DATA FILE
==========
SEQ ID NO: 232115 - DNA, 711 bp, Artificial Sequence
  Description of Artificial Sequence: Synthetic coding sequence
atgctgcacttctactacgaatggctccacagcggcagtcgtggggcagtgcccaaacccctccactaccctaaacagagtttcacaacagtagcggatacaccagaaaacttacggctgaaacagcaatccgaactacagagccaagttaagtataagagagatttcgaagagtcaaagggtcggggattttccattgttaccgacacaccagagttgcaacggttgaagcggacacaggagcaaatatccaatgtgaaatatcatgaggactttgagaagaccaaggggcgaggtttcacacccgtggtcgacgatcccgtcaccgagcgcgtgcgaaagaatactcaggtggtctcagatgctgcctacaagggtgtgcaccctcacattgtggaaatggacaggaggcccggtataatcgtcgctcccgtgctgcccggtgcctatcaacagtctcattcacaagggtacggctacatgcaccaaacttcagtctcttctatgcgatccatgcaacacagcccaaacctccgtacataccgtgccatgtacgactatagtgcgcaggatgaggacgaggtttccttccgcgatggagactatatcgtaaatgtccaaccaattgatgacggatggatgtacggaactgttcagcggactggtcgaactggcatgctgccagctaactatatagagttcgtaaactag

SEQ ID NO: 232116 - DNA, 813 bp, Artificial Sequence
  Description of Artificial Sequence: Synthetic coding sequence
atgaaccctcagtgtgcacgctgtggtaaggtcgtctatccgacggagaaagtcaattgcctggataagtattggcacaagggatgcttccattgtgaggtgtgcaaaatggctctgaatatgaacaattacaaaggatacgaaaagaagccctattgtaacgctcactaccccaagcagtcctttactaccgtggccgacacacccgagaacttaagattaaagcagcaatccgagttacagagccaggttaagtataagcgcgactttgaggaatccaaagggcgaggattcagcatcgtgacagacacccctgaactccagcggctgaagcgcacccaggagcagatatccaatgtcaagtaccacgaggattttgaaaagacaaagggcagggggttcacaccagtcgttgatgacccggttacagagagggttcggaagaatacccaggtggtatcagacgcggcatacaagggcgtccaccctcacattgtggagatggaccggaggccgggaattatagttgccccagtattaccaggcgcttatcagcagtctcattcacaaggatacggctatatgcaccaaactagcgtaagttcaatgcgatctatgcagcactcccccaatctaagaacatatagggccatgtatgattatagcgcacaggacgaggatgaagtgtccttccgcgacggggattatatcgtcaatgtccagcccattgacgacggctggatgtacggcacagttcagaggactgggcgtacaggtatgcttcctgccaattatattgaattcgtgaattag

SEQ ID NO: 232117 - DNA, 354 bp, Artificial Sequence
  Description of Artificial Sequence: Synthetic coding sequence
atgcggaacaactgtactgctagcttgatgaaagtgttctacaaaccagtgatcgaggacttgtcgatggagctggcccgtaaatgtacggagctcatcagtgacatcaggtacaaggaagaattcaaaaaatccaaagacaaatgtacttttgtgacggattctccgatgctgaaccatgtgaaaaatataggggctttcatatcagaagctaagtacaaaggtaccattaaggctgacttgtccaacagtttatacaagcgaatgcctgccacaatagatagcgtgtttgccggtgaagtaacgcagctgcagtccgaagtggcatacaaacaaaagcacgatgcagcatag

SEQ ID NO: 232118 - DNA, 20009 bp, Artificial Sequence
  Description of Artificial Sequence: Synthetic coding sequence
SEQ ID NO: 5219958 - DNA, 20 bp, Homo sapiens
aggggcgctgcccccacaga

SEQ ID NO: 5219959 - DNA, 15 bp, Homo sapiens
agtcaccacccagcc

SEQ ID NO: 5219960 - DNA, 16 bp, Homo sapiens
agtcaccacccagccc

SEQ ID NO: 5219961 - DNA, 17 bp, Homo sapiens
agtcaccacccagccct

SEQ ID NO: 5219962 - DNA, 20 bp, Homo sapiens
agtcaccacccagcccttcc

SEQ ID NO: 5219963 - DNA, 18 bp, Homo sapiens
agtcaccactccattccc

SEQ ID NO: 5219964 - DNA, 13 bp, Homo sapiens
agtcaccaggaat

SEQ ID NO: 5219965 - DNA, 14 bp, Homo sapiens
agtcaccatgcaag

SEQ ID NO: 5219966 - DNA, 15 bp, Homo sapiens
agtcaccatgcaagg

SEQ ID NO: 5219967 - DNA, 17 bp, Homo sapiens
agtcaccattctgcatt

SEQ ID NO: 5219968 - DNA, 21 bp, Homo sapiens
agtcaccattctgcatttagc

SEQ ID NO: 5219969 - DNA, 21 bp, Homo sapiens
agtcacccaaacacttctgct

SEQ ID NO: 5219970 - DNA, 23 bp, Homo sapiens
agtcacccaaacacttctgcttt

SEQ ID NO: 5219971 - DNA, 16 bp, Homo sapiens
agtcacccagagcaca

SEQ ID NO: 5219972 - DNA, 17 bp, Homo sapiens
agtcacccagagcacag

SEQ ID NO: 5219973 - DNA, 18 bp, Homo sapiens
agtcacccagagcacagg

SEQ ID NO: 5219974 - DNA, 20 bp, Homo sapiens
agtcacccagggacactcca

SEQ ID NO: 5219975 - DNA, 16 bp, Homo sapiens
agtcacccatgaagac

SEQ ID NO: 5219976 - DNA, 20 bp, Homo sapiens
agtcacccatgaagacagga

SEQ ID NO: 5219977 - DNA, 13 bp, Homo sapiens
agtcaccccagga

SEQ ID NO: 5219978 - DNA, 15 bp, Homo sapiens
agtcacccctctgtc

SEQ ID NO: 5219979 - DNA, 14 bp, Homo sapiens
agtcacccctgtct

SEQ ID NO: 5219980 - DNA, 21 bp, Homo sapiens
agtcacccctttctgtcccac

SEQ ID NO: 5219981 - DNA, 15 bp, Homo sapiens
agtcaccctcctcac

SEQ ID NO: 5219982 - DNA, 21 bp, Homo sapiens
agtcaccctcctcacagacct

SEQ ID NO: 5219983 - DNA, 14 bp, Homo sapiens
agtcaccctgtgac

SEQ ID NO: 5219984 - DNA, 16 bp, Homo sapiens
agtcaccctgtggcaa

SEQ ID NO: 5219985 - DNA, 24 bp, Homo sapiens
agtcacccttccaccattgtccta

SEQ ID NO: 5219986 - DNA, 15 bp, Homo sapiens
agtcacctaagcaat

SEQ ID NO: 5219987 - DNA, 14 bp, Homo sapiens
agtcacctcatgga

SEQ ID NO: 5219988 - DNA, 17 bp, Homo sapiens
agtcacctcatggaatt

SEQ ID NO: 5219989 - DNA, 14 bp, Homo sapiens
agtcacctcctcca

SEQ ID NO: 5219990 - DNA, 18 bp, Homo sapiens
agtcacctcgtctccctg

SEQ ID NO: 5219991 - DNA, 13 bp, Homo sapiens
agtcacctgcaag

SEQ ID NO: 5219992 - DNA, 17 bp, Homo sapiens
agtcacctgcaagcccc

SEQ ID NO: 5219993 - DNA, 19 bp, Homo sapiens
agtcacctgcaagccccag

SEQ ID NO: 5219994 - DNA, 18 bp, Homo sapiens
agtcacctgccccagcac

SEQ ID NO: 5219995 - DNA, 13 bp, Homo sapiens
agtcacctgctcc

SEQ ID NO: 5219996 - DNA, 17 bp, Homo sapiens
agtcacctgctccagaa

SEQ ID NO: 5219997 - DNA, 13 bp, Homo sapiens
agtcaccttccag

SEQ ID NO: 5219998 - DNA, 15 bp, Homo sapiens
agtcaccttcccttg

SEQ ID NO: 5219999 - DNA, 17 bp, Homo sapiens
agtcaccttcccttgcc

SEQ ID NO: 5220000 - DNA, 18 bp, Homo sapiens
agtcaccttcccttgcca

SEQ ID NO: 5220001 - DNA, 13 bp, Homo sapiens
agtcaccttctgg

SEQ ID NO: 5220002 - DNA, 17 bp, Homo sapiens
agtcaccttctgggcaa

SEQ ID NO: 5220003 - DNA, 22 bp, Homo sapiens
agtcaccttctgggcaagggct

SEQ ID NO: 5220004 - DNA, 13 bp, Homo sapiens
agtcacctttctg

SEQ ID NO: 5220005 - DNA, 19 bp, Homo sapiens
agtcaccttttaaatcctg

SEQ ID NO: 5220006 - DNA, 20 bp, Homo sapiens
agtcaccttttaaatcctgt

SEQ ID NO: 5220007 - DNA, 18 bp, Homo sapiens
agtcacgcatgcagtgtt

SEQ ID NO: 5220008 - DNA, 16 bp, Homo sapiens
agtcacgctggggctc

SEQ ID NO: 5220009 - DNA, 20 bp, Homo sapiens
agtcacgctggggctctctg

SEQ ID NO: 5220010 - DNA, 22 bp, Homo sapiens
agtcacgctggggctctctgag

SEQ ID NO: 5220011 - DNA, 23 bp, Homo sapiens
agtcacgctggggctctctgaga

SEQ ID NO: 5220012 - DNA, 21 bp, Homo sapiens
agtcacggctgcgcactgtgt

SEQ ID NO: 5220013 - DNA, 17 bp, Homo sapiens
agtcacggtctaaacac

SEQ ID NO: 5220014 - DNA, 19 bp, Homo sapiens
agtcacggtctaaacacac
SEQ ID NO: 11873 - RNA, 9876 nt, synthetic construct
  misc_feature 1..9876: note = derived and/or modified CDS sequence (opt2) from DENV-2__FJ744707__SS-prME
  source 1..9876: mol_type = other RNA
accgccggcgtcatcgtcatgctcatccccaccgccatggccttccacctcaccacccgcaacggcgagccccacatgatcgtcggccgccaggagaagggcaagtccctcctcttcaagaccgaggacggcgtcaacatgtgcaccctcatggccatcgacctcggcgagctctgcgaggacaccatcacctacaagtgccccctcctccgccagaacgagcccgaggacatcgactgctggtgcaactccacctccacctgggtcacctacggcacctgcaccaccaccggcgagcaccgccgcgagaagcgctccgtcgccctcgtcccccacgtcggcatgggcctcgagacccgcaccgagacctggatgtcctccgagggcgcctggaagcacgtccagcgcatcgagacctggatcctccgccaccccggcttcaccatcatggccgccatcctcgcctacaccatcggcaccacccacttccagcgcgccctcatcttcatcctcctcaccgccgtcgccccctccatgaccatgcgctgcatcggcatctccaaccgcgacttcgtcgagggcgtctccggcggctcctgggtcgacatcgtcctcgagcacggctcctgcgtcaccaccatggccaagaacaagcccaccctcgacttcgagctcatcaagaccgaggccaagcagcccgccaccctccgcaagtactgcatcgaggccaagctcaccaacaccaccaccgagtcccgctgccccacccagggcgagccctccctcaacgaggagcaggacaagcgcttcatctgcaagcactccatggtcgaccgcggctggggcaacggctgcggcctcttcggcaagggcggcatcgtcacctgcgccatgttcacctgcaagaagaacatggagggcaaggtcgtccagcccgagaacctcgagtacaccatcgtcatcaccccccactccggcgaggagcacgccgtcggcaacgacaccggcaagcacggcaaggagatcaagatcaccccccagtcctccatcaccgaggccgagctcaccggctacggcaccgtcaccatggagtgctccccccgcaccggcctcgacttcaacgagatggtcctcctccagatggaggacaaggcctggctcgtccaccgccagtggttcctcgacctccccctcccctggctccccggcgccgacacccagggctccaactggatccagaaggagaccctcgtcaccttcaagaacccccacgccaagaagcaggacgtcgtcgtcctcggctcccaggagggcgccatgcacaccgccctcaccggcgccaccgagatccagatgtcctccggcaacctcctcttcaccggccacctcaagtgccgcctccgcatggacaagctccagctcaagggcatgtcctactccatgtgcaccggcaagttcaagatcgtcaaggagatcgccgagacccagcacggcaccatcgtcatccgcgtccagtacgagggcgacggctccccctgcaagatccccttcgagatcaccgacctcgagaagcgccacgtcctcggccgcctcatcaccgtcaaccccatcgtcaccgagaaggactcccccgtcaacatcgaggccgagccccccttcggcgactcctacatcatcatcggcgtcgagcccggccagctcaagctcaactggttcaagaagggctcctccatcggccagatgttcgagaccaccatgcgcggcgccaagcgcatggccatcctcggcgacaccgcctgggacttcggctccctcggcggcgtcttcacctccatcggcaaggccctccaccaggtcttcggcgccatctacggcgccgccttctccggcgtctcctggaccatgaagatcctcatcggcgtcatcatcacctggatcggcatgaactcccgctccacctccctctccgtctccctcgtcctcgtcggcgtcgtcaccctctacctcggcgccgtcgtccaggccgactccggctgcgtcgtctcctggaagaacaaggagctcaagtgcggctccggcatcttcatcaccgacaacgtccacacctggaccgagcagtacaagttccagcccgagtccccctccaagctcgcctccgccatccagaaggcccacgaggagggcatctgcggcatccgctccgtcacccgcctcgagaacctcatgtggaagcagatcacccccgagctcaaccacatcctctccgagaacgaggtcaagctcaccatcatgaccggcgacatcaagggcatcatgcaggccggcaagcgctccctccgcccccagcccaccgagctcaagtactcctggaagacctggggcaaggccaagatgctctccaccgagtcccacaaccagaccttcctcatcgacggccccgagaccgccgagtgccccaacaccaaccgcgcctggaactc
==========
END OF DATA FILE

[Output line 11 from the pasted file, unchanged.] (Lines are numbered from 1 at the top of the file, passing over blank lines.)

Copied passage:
  Description of Artificial Sequence: Synthetic coding sequence